DHCP and manual IP

Dear Ex.

I made dhcpd.conf as below, trying to not let any other client in network to get IP manually.... if he tried... get a messege from DHCP Server that e is not allow to get a manual IP.

But it is not working!!!???? can you plz help.




#/etc/dhcpd.conf
authoritative;
ddns-update-style ad-hoc;

subnet 192.168.99.0 netmask 255.255.255.0 {
        range 192.168.99.100 192.168.99.150;
        deny unknown-clients;
        default-lease-time 600;
        max-lease-time 7200;
        option subnet-mask 255.255.255.0;
        option broadcast-address 192.168.99.255;
        option routers 192.168.99.1;
        option domain-name-servers 192.168.99.1, 212.0.138.11, 212.0.138.10;



host InToucSec {
        hardware ethernet 00:06:4f:02:09:e2;
        fixed-address 192.168.99.200;
        option host-name "intouch_sec";
}

}


Thanks

Osama El-Shiekh
princeofsudanAsked:
Who is Participating?
I wear a lot of hats...

"The solutions and answers provided on Experts Exchange have been extremely helpful to me over the last few years. I wear a lot of hats - Developer, Database Administrator, Help Desk, etc., so I know a lot of things but not a lot about one thing. Experts Exchange gives me answers from people who do know a lot about one thing, in a easy to use platform." -Todd S.

RedfeatherCommented:
Hi,

DHCP is only for allowing automated ip-configuration. You are trying to deny clients to set their IP manually which is not possible with DHCP only.
So in short the answer to your question is:

"what you have configured is okay, DHCP just does not deny manual configuration."

I don't know what kind of a network you have (smal/medium/large office or just a small home network?
What sort of operating systems is running on the clients?
Do you have manageable routers and/or switches in your network?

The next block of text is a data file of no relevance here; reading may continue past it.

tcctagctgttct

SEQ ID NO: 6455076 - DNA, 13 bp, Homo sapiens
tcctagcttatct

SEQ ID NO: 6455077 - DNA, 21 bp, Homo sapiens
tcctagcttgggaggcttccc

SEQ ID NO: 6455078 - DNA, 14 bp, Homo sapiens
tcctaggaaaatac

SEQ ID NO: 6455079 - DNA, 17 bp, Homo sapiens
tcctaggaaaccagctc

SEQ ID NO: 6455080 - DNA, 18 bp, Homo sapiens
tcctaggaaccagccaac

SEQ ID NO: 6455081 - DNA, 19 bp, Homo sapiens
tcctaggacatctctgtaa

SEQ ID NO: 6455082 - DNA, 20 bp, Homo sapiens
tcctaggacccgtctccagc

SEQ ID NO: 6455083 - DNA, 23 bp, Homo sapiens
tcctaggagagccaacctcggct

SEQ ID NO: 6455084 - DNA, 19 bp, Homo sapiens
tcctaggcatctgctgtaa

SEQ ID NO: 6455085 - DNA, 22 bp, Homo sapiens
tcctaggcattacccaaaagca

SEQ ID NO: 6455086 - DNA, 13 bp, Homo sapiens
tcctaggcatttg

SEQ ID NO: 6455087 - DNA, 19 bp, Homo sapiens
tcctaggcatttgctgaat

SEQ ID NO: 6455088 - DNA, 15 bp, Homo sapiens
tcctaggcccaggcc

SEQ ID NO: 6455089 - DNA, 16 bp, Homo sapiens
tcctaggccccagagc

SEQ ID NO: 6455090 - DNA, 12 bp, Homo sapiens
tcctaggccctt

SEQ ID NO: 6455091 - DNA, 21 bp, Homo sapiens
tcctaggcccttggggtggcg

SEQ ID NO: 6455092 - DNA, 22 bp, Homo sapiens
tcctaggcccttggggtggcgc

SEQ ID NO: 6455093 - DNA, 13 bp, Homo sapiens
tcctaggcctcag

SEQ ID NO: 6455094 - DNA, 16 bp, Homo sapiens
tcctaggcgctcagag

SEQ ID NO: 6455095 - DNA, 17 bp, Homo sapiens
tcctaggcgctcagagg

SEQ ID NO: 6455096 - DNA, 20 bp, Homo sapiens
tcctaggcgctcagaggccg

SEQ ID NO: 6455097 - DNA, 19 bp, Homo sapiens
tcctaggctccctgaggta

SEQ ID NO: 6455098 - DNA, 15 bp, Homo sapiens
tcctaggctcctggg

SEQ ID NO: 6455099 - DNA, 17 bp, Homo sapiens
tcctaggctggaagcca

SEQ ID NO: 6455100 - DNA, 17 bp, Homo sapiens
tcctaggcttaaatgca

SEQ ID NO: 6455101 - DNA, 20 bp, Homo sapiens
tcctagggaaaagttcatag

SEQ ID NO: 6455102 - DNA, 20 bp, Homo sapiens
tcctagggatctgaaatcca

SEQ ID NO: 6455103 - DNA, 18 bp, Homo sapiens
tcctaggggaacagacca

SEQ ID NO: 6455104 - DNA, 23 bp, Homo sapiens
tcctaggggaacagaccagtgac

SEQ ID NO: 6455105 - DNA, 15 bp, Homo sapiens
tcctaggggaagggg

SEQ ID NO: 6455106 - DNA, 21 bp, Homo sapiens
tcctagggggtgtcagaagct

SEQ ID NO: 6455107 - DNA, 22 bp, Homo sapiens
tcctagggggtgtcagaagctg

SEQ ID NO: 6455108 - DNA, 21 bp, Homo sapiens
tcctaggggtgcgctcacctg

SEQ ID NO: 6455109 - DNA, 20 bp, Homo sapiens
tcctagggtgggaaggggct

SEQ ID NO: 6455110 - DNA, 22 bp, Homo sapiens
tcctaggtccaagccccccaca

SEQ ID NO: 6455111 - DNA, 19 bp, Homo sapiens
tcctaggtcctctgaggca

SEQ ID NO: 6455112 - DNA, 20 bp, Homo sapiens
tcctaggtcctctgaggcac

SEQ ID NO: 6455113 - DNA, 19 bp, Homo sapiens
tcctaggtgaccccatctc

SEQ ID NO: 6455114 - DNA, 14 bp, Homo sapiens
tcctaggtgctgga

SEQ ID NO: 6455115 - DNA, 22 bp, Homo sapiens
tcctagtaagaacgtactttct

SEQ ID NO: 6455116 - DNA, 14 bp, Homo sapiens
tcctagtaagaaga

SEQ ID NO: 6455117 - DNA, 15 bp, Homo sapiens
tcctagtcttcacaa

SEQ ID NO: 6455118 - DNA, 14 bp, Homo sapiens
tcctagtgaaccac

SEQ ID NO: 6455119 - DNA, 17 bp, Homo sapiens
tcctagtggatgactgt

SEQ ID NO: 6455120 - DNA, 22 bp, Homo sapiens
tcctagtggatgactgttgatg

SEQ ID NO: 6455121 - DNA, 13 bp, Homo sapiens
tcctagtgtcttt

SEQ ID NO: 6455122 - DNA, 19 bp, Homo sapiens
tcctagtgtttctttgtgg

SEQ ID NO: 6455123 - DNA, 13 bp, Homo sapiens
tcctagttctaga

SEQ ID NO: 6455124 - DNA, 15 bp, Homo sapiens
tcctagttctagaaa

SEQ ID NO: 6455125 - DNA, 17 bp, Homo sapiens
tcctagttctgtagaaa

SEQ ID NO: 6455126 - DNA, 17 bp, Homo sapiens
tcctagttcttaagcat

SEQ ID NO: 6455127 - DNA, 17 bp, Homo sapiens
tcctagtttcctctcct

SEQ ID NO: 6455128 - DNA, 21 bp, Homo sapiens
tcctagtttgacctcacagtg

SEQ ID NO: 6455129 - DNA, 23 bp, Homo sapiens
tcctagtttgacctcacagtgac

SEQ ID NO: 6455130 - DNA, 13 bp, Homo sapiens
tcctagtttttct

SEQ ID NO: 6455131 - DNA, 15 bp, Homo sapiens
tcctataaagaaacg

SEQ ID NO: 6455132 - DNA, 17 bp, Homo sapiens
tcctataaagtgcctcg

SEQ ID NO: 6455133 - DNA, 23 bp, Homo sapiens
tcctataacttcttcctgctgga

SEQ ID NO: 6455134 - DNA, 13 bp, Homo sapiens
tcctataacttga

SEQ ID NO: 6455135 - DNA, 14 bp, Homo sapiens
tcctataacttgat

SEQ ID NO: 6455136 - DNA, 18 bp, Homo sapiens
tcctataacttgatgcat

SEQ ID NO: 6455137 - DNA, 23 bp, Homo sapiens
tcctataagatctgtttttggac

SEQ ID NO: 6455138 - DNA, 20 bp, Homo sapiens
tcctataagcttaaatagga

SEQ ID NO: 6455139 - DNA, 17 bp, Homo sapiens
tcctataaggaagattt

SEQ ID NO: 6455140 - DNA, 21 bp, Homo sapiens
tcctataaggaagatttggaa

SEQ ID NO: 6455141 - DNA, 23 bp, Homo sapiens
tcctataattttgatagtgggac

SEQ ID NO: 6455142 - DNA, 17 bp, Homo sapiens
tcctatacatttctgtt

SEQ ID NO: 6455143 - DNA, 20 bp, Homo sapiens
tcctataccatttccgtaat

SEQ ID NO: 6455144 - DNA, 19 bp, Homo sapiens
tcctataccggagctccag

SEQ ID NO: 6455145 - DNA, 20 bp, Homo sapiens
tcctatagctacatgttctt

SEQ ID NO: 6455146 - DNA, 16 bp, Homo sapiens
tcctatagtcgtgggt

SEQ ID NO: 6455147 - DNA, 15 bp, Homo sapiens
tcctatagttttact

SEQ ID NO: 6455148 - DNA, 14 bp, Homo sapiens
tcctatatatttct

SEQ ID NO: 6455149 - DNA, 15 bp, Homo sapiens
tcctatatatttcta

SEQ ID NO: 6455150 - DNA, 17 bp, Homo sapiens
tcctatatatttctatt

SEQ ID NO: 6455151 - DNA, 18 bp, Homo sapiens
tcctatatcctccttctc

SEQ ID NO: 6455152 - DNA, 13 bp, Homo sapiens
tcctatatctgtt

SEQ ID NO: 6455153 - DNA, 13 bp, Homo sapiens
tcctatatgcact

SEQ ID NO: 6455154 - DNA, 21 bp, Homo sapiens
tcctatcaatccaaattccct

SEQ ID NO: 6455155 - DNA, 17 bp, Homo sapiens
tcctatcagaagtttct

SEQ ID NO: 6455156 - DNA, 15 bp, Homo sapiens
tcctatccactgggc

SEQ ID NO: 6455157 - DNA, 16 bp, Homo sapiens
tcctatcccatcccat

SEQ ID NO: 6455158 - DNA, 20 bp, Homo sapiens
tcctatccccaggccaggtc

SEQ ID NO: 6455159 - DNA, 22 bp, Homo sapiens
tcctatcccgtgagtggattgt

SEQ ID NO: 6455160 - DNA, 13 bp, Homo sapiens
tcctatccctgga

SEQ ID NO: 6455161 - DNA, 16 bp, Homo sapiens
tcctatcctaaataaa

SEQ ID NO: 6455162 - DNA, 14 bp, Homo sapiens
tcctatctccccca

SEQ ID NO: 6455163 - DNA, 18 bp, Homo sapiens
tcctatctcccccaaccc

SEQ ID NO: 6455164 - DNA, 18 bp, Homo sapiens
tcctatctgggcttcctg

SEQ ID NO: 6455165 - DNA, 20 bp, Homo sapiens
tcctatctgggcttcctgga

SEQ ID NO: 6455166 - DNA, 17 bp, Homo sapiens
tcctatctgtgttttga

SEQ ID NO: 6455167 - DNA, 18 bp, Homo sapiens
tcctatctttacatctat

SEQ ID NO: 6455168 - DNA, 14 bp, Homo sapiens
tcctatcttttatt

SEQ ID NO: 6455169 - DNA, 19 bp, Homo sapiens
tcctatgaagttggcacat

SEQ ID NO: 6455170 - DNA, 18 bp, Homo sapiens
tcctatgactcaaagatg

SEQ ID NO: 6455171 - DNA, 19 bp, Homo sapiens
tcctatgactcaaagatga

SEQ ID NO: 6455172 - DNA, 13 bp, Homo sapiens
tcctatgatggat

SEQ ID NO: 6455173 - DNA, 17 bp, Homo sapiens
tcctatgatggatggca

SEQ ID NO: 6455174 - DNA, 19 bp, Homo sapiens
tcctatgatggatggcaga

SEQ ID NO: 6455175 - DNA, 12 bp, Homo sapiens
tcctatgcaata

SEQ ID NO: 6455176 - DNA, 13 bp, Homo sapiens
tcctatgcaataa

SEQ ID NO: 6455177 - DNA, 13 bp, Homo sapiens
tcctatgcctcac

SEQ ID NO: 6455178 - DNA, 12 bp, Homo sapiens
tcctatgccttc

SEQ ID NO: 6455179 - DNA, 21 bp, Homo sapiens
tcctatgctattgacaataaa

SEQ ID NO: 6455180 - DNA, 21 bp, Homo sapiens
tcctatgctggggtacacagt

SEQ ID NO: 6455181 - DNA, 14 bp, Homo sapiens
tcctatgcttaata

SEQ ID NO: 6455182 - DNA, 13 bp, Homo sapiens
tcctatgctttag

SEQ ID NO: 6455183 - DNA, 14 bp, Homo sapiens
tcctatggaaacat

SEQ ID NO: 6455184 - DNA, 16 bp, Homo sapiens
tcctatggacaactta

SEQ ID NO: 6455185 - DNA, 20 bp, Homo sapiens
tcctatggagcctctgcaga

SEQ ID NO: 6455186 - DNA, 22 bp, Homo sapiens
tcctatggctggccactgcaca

ravenplCommented:
Redfeather is very right. However You may try detecting such situation - and punishing noughty users ;)
princeofsudanAuthor Commented:
I want to deny client to get IP from DHCP IP range.

Other wise, what is the reason from 'authoritative' option???
OWASP: Threats Fundamentals

Learn the top ten threats that are present in modern web-application development and how to protect your business from them.

RedfeatherCommented:
First of all: You cannot deny a client to use manually an IP from the DHCP IP range.

Then about the authoritative statement:

        authoritative;

        not authoritative;

       The DHCP server will normally assume that  the  configura­
       tion information about a given network segment is known to
       be correct and is authoritative.   So if a client requests
       an  IP  address on a given network segment that the server
       knows is not valid  for  that  segment,  the  server  will
       respond with a DHCPNAK message, causing the client to for­
       get its IP address and try to get a new one.

       If a DHCP server is being configured by  somebody  who  is
       not  the  network administrator and who therefore does not
       wish to assert this level of authority, then the statement
       "not  authoritative"  should be written in the appropriate
       scope in the configuration file.

       Usually, writing not authoritative; at the  top  level  of
       the file should be sufficient.   However, if a DHCP server
       is to be set up so that it is aware of some  networks  for
       which  it  is authoritative and some networks for which it
       is not, it may be more appropriate to declare authority on
       a per-network-segment basis.

       Note that the most specific scope for which the concept of
       authority makes any sense is the physical network  segment
       -  either a shared-network statement or a subnet statement
       that is not contained within a  shared-network  statement.
       It is not meaningful to specify that the server is author­
       itative for some subnets within a shared network, but  not